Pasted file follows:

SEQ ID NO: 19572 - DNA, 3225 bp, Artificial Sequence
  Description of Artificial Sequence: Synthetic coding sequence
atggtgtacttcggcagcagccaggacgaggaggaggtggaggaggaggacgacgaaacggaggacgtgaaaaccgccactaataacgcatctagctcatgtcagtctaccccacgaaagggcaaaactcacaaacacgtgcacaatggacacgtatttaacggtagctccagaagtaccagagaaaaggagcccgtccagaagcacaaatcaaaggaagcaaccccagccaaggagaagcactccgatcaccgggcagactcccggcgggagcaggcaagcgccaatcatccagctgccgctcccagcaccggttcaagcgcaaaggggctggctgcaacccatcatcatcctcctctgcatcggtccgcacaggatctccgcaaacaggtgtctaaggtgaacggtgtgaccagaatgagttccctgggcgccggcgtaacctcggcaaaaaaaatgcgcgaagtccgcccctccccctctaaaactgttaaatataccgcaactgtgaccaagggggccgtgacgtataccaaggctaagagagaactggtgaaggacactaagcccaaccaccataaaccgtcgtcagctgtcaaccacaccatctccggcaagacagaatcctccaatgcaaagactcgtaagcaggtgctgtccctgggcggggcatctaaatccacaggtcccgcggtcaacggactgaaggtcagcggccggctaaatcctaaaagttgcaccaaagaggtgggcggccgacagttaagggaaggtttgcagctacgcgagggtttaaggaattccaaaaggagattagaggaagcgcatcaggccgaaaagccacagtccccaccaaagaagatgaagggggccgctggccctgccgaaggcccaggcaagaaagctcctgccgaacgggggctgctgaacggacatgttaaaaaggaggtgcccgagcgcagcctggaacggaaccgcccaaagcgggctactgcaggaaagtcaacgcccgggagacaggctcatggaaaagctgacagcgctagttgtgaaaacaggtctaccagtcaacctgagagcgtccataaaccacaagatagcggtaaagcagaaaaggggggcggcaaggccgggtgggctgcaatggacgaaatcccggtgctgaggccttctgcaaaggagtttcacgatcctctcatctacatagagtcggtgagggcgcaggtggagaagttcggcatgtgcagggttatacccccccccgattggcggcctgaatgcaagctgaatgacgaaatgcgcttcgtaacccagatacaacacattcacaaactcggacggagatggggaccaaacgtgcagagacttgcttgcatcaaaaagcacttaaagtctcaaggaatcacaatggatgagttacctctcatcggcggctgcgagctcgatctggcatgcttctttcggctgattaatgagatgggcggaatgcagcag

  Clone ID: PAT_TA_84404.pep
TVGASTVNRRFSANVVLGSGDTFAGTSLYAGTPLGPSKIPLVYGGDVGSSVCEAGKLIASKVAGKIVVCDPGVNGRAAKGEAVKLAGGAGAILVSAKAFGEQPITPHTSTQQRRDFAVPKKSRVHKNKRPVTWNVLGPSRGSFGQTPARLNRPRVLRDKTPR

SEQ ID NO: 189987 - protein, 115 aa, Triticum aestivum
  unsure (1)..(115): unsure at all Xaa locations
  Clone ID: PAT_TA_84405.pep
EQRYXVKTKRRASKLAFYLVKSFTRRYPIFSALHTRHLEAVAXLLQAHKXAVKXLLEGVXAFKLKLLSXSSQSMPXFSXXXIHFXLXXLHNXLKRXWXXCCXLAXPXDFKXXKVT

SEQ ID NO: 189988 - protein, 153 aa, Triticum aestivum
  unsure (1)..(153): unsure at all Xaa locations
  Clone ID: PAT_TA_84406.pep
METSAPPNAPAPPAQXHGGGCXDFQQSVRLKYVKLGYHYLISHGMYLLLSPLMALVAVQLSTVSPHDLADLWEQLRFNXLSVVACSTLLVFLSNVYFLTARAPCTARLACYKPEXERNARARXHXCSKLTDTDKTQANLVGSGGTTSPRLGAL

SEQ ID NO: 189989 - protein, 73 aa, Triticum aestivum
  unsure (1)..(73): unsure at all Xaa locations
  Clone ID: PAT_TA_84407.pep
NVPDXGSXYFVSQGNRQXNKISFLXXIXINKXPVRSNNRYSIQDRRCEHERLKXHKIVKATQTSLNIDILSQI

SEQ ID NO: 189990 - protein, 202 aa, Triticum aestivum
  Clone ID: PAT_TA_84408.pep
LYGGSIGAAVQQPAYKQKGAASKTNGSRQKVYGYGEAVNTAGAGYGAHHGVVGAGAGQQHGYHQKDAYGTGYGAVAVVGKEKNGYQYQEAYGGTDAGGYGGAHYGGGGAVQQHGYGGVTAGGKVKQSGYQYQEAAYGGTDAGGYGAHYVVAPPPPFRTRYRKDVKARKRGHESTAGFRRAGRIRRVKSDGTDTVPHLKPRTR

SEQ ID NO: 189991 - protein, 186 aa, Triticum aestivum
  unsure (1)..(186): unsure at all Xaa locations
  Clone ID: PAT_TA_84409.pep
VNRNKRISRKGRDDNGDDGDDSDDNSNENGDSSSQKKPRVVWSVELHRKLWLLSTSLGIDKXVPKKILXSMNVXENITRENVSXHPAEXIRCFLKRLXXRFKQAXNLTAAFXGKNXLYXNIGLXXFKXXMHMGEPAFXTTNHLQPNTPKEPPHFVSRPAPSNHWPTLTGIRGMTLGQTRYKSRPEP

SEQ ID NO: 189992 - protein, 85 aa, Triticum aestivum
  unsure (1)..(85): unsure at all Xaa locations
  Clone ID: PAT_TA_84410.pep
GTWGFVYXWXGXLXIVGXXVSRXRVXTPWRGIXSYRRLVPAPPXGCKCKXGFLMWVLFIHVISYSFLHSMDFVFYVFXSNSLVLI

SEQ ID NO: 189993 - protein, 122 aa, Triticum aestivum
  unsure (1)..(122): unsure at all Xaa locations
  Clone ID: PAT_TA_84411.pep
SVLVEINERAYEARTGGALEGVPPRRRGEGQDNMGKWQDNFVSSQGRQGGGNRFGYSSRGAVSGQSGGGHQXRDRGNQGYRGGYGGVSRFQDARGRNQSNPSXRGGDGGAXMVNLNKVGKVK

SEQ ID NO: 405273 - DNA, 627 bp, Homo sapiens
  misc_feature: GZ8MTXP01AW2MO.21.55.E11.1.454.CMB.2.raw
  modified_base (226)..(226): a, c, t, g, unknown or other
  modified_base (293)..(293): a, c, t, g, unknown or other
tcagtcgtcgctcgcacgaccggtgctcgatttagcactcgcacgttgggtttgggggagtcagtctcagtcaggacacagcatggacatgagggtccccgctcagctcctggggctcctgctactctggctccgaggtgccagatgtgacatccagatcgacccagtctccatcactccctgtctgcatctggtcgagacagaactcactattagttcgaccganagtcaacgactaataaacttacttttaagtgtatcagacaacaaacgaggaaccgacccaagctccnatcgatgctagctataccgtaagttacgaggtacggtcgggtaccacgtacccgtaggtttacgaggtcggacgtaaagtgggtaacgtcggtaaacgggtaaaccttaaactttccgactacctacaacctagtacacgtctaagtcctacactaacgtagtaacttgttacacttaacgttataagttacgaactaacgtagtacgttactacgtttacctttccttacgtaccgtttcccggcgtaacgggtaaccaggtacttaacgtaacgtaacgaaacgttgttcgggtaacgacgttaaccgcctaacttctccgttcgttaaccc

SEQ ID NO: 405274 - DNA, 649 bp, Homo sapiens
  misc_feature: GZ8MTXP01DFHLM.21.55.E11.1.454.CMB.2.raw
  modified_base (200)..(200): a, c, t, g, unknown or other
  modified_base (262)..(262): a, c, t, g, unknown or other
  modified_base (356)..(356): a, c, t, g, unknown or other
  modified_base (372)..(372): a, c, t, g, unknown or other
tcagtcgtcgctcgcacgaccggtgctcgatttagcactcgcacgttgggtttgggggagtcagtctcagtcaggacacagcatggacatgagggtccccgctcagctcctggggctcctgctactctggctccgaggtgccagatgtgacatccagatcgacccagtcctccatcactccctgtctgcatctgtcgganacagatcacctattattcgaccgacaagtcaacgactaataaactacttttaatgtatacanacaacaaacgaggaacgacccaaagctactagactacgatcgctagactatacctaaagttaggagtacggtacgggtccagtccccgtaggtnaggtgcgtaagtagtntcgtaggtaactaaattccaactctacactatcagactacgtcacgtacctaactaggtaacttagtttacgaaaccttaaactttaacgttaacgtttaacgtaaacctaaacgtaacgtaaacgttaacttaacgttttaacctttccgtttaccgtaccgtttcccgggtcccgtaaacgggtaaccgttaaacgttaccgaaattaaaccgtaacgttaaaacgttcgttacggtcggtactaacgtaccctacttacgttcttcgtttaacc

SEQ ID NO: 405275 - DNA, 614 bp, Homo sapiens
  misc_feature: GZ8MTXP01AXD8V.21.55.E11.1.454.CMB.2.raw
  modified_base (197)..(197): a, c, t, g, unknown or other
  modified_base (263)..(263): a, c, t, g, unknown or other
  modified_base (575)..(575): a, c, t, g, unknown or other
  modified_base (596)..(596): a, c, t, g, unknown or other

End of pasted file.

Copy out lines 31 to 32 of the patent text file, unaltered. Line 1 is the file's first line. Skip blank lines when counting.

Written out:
  Clone ID: PAT_TA_84411.pep
SVLVEINERAYEARTGGALEGVPPRRRGEGQDNMGKWQDNFVSSQGRQGGGNRFGYSSRGAVSGQSGGGHQXRDRGNQGYRGGYGGVSRFQDARGRNQSNPSXRGGDGGAXMVNLNKVGKVK